Daniel P. Petrylak, MD

Daniel P. Petrylak, MD

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Daniel P. Petrylak, MD, is currently Director of Genitourinary Oncology, Professor of Medicine and Urology, Co-Leader of Cancer Signaling Networks, and Co-Director of the Signal Transduction Program at Yale University Cancer Center in New Haven, Connecticut. He is a recognized international leader in the urology field. He earned his MD at Case Western Reserve University School of Medicine in Cleveland Ohio. He then went on to complete his Internal Medicine Residency at Albert Einstein College of Medicine/Jacobi Medical Center in the Bronx, and his fellowship at Memorial Sloan Kettering Cancer Center in New York. Dr. Petrylak has served as principal investigator (PI) or co-PI on several SWOG clinical trials for genitourinary cancers. Most notably, he served as the PI for a randomized trial that led to the FDA approval of docetaxel in hormone refractory prostate cancer. He also helped to design and served as PI for the SPARC trial, an international registration trial evaluating satraplatin as a second-line therapy for hormone refractory prostate cancer. Dr. Petrylak served on the program committees for the annual meetings of the American Urological Association from 2003-2011, and for the American Society of Clinical Oncology from 1995-1997 and 2001-2003. He also has served as a committee member for the Devices and Immunologicals section of the FDA. He has published extensively in the New England Journal of Medicine, Journal of Clinical Oncology, Journal of the National Cancer Institute, Cancer Research, and Clinical Cancer Research.

Articles by Daniel P. Petrylak, MD

Phase 1 Trial of ARV-110 in Patients with mCRPC

Daniel P. Petrylak, MD, Director of Genitourinary Oncology, Professor of Medicine and Urology, Co-Leader of Cancer Signaling Networks, and Co-Director of the Signal Transduction Program at Yale University Cancer Center, discusses promising new developments coming out of a trial that interferes with the androgen receptor and degrades it. Phase 1 of this trial looks at ARV-110 in patients with mCRPC and Dr. Petrylak highlights why the study’s recent findings are so exciting. He goes into detail the study methodology and how ARV-110 works in comparison to traditional treatments. Dr. Petrylak also explains why the findings are so promising and what the next steps are for the study.

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Anti-Androgen Trials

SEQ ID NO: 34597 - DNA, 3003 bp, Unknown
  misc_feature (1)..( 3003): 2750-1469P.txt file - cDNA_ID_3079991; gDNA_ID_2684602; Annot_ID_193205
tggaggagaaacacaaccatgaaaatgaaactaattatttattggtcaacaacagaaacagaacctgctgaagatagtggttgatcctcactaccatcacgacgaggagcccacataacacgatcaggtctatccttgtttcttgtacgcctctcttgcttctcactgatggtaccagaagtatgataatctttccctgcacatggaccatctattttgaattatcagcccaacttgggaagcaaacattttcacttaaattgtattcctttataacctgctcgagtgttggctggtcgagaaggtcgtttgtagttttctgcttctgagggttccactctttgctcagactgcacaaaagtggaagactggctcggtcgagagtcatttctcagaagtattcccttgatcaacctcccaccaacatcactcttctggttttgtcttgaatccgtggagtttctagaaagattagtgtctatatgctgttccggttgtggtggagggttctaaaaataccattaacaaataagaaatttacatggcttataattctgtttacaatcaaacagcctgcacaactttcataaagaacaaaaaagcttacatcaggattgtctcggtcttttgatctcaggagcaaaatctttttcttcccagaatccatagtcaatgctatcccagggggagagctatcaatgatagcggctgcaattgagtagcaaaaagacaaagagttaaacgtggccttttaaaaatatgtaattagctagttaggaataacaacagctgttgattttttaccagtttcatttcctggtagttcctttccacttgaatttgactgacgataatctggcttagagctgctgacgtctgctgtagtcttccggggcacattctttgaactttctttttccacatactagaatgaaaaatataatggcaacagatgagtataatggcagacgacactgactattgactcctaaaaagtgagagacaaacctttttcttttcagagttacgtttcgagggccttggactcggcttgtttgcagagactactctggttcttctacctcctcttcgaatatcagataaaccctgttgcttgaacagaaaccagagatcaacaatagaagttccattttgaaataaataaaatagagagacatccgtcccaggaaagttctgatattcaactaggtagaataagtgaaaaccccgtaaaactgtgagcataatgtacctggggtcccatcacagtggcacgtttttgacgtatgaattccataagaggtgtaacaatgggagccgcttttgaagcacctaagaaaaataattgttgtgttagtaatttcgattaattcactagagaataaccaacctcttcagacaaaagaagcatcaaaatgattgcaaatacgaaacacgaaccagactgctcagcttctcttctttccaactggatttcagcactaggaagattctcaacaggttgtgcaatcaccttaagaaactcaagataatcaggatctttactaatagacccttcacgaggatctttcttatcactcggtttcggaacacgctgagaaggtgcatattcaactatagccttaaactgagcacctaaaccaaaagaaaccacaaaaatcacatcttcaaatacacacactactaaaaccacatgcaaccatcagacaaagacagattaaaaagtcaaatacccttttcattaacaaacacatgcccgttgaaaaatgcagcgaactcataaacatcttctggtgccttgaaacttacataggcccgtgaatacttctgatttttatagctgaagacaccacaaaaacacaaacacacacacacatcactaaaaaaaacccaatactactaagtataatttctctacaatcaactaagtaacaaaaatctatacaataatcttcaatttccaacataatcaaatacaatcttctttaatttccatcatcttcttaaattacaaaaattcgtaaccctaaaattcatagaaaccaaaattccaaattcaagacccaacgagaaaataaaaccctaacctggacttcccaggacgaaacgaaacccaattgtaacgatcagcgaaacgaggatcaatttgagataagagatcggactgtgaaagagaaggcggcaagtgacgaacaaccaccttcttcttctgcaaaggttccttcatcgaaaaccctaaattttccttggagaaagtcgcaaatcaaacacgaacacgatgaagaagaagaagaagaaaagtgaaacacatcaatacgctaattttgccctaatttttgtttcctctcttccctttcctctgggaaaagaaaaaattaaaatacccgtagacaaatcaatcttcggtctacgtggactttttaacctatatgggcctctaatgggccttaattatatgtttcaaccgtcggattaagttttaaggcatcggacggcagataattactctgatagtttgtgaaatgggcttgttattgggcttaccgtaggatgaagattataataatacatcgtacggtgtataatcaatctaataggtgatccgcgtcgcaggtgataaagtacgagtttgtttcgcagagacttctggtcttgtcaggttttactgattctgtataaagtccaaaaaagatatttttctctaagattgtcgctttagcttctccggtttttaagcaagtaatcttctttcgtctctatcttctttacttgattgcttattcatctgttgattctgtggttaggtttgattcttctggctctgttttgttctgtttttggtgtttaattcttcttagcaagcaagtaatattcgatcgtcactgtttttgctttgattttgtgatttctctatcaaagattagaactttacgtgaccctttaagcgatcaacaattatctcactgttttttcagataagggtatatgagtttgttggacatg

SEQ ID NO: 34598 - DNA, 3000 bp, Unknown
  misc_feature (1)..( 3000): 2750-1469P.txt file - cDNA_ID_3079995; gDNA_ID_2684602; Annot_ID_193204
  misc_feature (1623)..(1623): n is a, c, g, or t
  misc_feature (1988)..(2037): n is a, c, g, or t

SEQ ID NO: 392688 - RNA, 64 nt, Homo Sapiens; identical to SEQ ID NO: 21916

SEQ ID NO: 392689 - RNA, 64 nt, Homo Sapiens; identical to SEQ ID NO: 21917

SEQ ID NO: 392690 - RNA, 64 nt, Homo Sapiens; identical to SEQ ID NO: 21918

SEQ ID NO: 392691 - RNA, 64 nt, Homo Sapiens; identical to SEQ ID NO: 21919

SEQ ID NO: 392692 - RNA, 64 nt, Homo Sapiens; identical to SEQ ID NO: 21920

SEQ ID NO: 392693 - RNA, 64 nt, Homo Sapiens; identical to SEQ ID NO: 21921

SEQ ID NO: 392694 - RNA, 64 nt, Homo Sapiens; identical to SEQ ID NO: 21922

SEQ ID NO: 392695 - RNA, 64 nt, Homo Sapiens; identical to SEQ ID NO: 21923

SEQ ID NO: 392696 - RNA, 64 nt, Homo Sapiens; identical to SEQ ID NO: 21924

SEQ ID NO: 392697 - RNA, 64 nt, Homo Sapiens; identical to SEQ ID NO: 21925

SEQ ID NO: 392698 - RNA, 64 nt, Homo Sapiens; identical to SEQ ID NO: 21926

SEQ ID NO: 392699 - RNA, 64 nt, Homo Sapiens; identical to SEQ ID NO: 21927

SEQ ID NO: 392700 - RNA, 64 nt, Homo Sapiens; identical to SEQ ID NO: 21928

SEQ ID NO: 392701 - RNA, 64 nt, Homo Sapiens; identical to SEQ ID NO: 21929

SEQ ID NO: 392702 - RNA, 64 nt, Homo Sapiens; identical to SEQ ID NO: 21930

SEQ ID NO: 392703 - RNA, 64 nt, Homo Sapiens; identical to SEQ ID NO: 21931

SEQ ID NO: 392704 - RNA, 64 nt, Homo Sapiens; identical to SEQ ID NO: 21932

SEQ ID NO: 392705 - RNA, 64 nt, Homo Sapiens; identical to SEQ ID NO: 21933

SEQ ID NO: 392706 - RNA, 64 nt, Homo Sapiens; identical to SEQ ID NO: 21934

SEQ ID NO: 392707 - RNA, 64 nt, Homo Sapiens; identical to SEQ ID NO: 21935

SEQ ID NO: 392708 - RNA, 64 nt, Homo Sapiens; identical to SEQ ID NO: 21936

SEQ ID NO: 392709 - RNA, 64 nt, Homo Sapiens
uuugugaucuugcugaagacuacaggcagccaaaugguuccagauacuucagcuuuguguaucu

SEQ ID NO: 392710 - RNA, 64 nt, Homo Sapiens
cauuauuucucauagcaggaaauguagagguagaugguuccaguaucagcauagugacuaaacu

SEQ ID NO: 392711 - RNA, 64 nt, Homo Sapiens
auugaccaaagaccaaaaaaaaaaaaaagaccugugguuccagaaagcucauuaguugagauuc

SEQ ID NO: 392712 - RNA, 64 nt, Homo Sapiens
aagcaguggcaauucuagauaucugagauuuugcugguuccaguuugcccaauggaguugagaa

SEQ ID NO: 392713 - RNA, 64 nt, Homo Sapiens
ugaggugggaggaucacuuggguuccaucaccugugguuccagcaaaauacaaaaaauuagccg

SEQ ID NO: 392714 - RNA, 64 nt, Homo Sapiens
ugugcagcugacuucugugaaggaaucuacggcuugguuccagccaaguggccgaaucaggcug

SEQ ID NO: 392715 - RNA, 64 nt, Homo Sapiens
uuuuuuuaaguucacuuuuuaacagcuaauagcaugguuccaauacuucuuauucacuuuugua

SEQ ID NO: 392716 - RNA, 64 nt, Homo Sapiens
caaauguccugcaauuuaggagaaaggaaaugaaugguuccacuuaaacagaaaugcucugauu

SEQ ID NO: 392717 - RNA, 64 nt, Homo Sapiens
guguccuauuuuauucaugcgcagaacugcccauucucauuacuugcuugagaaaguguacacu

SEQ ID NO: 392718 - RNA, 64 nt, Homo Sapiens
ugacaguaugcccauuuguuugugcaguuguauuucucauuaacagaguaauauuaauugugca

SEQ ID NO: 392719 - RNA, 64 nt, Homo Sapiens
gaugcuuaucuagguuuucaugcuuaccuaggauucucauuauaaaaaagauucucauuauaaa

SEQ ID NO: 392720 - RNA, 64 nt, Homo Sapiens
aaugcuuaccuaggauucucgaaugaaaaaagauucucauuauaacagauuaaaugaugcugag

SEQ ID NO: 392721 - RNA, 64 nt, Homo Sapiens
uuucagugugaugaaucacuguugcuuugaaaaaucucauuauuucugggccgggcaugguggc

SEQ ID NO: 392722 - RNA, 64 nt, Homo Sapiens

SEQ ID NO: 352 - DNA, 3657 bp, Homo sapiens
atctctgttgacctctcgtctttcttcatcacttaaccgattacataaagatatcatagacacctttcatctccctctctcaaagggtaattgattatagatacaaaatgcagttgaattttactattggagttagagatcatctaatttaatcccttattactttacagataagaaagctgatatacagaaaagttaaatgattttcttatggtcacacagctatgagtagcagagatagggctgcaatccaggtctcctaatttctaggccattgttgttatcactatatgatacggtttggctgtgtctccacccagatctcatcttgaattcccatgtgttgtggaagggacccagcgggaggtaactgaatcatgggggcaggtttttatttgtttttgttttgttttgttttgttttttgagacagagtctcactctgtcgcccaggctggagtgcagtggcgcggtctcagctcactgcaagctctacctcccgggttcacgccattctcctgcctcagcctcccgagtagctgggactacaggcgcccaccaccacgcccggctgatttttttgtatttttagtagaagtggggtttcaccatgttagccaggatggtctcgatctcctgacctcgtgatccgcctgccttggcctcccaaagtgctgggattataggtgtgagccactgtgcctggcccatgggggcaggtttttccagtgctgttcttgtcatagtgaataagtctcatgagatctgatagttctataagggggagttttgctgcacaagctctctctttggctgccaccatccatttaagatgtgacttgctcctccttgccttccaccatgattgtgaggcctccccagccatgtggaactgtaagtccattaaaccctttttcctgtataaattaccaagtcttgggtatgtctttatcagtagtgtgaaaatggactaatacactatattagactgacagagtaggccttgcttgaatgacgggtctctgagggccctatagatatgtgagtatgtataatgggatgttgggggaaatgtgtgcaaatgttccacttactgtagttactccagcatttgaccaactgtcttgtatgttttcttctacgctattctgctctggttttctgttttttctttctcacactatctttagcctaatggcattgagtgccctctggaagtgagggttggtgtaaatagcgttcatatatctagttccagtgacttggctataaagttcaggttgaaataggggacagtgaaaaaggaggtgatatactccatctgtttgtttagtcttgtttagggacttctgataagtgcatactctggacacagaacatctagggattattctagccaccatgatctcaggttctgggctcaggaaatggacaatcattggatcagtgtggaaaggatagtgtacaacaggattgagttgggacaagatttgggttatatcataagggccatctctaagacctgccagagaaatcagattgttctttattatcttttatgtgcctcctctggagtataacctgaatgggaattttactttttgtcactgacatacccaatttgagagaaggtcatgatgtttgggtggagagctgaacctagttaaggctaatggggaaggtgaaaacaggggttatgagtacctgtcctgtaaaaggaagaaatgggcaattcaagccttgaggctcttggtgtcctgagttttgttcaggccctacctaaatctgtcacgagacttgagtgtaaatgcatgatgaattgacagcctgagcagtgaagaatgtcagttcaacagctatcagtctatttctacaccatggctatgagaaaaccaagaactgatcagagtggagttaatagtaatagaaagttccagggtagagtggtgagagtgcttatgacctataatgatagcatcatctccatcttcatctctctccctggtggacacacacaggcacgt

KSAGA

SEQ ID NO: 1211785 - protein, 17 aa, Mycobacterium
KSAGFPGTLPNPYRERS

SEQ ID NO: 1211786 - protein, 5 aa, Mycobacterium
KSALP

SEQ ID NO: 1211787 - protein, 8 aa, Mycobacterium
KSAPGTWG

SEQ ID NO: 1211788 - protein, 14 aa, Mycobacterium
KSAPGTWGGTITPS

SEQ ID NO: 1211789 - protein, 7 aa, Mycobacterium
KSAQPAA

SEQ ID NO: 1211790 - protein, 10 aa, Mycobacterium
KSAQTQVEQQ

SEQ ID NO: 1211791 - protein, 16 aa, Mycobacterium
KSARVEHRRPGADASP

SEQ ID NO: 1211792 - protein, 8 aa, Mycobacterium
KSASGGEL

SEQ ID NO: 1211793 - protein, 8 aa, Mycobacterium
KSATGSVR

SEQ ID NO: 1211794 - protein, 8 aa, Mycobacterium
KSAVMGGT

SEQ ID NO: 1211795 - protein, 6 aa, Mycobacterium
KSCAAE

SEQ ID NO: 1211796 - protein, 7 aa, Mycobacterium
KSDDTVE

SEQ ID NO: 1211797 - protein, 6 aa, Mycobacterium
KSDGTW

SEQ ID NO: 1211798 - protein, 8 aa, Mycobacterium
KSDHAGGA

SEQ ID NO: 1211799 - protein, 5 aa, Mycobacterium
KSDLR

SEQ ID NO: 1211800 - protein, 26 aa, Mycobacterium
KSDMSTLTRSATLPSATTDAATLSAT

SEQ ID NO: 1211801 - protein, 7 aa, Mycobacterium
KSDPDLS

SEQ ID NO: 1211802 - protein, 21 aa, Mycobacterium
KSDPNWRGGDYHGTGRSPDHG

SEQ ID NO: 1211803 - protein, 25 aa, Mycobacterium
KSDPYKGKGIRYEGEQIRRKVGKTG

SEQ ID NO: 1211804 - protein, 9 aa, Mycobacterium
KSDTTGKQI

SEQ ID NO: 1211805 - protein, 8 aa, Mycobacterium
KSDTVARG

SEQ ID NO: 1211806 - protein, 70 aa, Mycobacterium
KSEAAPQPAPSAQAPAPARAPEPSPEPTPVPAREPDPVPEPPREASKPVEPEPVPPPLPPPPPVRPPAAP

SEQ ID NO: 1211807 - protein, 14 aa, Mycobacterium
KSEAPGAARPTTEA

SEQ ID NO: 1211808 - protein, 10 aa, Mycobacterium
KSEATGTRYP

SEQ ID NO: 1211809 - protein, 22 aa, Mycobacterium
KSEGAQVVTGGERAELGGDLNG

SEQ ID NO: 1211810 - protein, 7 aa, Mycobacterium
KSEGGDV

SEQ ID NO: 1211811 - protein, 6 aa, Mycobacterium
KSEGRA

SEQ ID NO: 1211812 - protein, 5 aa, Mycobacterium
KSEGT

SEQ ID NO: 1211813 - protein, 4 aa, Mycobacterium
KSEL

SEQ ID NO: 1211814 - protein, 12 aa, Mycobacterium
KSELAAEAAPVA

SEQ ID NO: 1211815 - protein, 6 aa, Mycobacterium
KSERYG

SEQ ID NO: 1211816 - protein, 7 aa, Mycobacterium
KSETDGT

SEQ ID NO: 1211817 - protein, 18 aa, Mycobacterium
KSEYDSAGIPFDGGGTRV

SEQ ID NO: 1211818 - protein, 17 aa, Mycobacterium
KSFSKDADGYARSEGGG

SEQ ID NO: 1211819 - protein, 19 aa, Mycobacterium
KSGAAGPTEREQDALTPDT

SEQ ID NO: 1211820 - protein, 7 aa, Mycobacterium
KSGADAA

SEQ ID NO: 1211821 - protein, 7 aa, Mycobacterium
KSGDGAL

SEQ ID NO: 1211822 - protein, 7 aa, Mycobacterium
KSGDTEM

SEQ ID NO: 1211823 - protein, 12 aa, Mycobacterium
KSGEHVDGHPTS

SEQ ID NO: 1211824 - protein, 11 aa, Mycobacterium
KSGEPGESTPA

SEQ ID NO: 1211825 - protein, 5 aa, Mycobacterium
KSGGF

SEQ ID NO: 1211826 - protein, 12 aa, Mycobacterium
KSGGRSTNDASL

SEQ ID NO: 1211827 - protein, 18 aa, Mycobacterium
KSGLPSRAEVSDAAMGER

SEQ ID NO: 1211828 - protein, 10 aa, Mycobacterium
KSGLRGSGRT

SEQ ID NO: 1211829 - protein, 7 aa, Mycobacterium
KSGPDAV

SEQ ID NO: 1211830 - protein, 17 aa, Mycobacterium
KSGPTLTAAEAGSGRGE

Daniel P. Petrylak, MD, Director of Genitourinary Oncology, Professor of Medicine and Urology, Co-Leader of Cancer Signaling Networks, and Co-Director of the Signal Transduction Program at Yale University Cancer Center, gives an overview of the most important, recent anti-androgen trials, as well as those that are currently still underway. He highlights how the trials were conducted, what the researchers found, and what he feels is still missing from the research. Dr. Petrylak compares and contrasts the different studies and draws conclusions about each. He also goes over a couple of trials with novel anti-androgens with unique mechanisms of action, which are currently in phase 1, that are showing promise.

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A Medical Oncology Perspective on Treating Advanced Prostate Cancer During COVID-19

Daniel P. Petrylak, MD, Director of Genitourinary Oncology, Professor of Medicine and Urology, Co-Leader of Cancer Signaling Networks, and Co-Director of the Signal Transduction Program at Yale University Cancer Center in New Haven, Connecticut, shares his perspective on treating advanced prostate cancer patients during the COVID-19 pandemic. Dr. Petrylak is only seeing patients who need to be treated and is pre-screening patients by checking temperature and travel history. If a prostate cancer patient is advanced and develops COVID, he suggests deferring treatment for all non-life threatening situations until the patient tests negative for COVID. According to Chinese data, cancer has predisposed people to a more aggressive course of COVID, so PCa patients should self-isolate to protect themselves from the virus. Dr. Petrylak also shares that chemotherapy may blunt the immunoresponse system on a long term basis, so patients should weigh the risks and benefits for pursuing treatment and take precautions of self-isolating, washing hands, and social distancing if they use chemotherapy treatment.

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Enfortumab Vedotin Approved by FDA for Patients With Refractory Urothelial Carcinoma

Daniel P. Petrylak, MD, discusses the recent FDA approval of the antibody drug complex enfortumab vedotin for treating refractory advanced urothelial disease in patients previously treated with immunotherapy and chemotherapy. He describes how the drug complex works to fight bladder cancer by recognizing Nectin-4, a biomarker expressed on the surface of bladder cancer cells, and delivering MMAE to cause cytotoxic activity. Dr. Petrylak further describes the design, execution, and results of the clinical trial that led to the drug’s approval, as well as notable side effects.

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FDA Approves Pembrolizumab for New Indication of NMIBC

Daniel P. Petrylak, MD, discusses the recent FDA approval of the checkpoint inhibitor pembrolizumab for treating cystectomy-ineligible (or those who have refused cystectomy) non-muscle invasive bladder cancer patients who have also failed BCG. He details the prior lack of available treatment for this disease, explains the function of the drug as a checkpoint inhibitor, and describes the study that led to the drug’s approval.

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